Deformation of till produces power law creep for low strain at stresses high enough to ca se permanent deformation but below the shear strength. Experiments were conducted on till (a mixed size granular material) from Matanuska Glacier, Alaska, and the Scioto (Ohio) Lobe of the Laurentide Ice Sheet (Caesar till). We deformed till in double direct shear under fixed shear velocity or shear stress (creep). Normal stress ranged from 50 kPa to 5 MPa at shearing rates ranging from 1 to 300 μm/s for 1 cm thick samples. Creep was induced via small step perturbations in stress. Fabric development within till layers was investigated by varying shear strain prior to creep tests. In velocity-controlled experiments, till deforms as a nearly Coulomb plastic material with slight velocity strengthening, corresponding to a stress exponent, n > 60. Creep experiments conducted well below the shear strength indicate lower n values, increasing as shear stress increases. With increasing initial strain and inferred fabric development, the creep strain rate decreases while n increases. Experiments at a normal stress of 1 MPa and no initial strain show n = 6.8, increasing to n = 17.5 at higher shear strains; however, strain rate was still decreasing and thus these values represent maximum estimates. Our data show that in the absence of dilatant hardening till exhibits rate sensitivity at strain of order 1 or less. At low strains, n likely depends on consolidation state, permeability, and dilation. Deformation is nearly, rate insensitive (Coulomb plastic) at shear stress near the shear strength or at high strain.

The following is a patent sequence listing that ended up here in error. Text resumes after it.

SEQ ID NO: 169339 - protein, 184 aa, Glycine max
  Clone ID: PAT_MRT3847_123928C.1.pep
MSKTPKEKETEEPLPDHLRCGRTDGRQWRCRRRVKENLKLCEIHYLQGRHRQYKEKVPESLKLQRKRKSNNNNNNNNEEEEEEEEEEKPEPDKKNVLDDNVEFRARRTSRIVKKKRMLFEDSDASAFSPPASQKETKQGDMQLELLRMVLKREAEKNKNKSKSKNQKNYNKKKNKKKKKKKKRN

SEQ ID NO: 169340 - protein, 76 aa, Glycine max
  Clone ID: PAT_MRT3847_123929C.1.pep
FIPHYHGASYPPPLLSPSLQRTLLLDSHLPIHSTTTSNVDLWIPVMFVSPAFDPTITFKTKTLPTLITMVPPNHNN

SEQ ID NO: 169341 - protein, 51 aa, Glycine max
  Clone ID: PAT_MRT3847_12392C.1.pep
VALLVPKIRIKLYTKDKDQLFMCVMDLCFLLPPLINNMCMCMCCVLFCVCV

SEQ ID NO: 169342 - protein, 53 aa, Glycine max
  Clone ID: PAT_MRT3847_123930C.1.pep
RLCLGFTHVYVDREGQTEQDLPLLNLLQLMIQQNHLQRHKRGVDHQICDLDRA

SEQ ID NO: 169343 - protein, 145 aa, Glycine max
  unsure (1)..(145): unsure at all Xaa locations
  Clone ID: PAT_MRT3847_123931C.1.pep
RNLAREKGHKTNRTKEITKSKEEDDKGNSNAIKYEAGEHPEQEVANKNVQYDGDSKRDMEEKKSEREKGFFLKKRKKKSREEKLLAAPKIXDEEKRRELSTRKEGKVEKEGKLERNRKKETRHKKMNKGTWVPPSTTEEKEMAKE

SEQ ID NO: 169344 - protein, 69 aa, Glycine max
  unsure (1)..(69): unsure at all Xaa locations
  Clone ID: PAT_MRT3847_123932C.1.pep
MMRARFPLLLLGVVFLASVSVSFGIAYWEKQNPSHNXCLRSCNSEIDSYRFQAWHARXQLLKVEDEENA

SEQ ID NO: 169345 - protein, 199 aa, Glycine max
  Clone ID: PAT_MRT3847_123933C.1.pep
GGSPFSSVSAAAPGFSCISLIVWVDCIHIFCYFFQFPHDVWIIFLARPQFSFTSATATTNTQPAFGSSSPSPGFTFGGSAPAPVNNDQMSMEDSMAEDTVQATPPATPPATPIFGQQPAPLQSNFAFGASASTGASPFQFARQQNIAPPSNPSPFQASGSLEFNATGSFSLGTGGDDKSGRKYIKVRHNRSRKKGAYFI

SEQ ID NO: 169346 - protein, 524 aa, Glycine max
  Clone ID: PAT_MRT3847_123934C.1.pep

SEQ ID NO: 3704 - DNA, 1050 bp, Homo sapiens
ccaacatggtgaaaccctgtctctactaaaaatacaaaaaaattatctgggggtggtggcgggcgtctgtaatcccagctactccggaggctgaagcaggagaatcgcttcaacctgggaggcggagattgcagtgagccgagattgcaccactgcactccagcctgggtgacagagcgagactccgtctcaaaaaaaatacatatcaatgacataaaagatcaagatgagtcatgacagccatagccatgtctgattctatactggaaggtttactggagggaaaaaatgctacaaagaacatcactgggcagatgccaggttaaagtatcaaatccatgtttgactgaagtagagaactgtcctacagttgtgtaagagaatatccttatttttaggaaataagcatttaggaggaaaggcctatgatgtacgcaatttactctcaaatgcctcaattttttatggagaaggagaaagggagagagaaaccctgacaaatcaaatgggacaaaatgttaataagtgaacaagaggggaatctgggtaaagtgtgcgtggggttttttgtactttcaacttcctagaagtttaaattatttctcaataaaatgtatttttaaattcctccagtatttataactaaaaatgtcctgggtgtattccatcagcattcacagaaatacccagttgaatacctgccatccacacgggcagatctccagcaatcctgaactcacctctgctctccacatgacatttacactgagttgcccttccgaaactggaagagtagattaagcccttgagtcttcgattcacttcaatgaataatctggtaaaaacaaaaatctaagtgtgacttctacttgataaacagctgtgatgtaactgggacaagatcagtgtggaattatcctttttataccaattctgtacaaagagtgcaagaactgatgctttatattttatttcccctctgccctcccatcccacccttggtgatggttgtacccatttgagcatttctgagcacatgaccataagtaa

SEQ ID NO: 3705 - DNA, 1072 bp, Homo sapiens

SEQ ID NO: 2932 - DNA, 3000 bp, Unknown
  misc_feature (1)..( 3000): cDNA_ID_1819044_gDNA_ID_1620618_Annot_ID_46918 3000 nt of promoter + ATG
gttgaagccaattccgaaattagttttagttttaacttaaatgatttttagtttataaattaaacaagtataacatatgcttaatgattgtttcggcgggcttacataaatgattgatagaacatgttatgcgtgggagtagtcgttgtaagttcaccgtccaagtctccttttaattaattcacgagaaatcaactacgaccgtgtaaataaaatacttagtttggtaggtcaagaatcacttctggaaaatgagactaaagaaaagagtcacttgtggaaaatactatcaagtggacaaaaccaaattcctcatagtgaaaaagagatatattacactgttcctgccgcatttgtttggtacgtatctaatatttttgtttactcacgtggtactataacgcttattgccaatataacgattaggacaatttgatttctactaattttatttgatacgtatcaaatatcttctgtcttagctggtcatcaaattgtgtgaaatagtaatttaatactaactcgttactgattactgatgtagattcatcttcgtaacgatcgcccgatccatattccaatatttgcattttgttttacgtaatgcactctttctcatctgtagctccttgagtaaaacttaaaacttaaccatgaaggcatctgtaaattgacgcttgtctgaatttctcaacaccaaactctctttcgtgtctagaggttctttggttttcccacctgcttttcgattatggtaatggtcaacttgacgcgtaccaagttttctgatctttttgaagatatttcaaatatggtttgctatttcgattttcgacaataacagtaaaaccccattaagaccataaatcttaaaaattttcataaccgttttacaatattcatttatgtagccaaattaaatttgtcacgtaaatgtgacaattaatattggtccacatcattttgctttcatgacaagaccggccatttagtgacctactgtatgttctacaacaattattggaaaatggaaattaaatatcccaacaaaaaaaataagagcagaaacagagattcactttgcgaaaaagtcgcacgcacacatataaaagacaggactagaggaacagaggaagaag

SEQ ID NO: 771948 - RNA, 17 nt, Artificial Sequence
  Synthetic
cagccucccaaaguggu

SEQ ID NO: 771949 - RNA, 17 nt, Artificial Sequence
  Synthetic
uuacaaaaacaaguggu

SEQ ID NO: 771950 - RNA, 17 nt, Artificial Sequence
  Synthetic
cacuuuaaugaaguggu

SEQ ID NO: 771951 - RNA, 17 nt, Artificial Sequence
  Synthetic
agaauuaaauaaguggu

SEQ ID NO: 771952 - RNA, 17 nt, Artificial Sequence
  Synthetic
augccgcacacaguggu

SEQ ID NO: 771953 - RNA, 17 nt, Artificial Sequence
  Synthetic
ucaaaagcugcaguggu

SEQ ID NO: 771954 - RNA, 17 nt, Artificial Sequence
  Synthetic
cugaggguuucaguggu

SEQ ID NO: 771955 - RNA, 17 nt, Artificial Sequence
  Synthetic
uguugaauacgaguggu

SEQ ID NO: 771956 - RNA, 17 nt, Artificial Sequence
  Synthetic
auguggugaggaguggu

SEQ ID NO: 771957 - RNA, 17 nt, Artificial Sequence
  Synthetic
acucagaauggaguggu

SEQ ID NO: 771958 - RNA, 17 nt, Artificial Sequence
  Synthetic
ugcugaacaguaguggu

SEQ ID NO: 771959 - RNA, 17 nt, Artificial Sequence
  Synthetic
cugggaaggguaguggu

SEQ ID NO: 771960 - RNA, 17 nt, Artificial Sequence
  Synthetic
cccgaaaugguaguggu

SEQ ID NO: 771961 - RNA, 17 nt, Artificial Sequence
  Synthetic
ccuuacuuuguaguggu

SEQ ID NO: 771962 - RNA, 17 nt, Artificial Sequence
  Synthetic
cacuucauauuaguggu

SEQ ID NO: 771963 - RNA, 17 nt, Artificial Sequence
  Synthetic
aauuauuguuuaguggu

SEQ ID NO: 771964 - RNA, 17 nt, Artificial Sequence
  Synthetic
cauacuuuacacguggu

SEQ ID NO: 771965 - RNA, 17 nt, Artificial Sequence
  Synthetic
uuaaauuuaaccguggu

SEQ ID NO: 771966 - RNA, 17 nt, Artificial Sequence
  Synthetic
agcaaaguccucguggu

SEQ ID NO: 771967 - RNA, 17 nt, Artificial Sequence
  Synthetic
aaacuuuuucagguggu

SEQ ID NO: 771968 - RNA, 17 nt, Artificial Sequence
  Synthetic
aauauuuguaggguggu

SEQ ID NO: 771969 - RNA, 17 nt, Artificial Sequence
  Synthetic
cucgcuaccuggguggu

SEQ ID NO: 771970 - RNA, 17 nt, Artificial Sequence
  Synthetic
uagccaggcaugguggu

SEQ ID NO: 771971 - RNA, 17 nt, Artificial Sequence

All Science Journal Classification (ASJC) codes
- Earth and Planetary Sciences(all)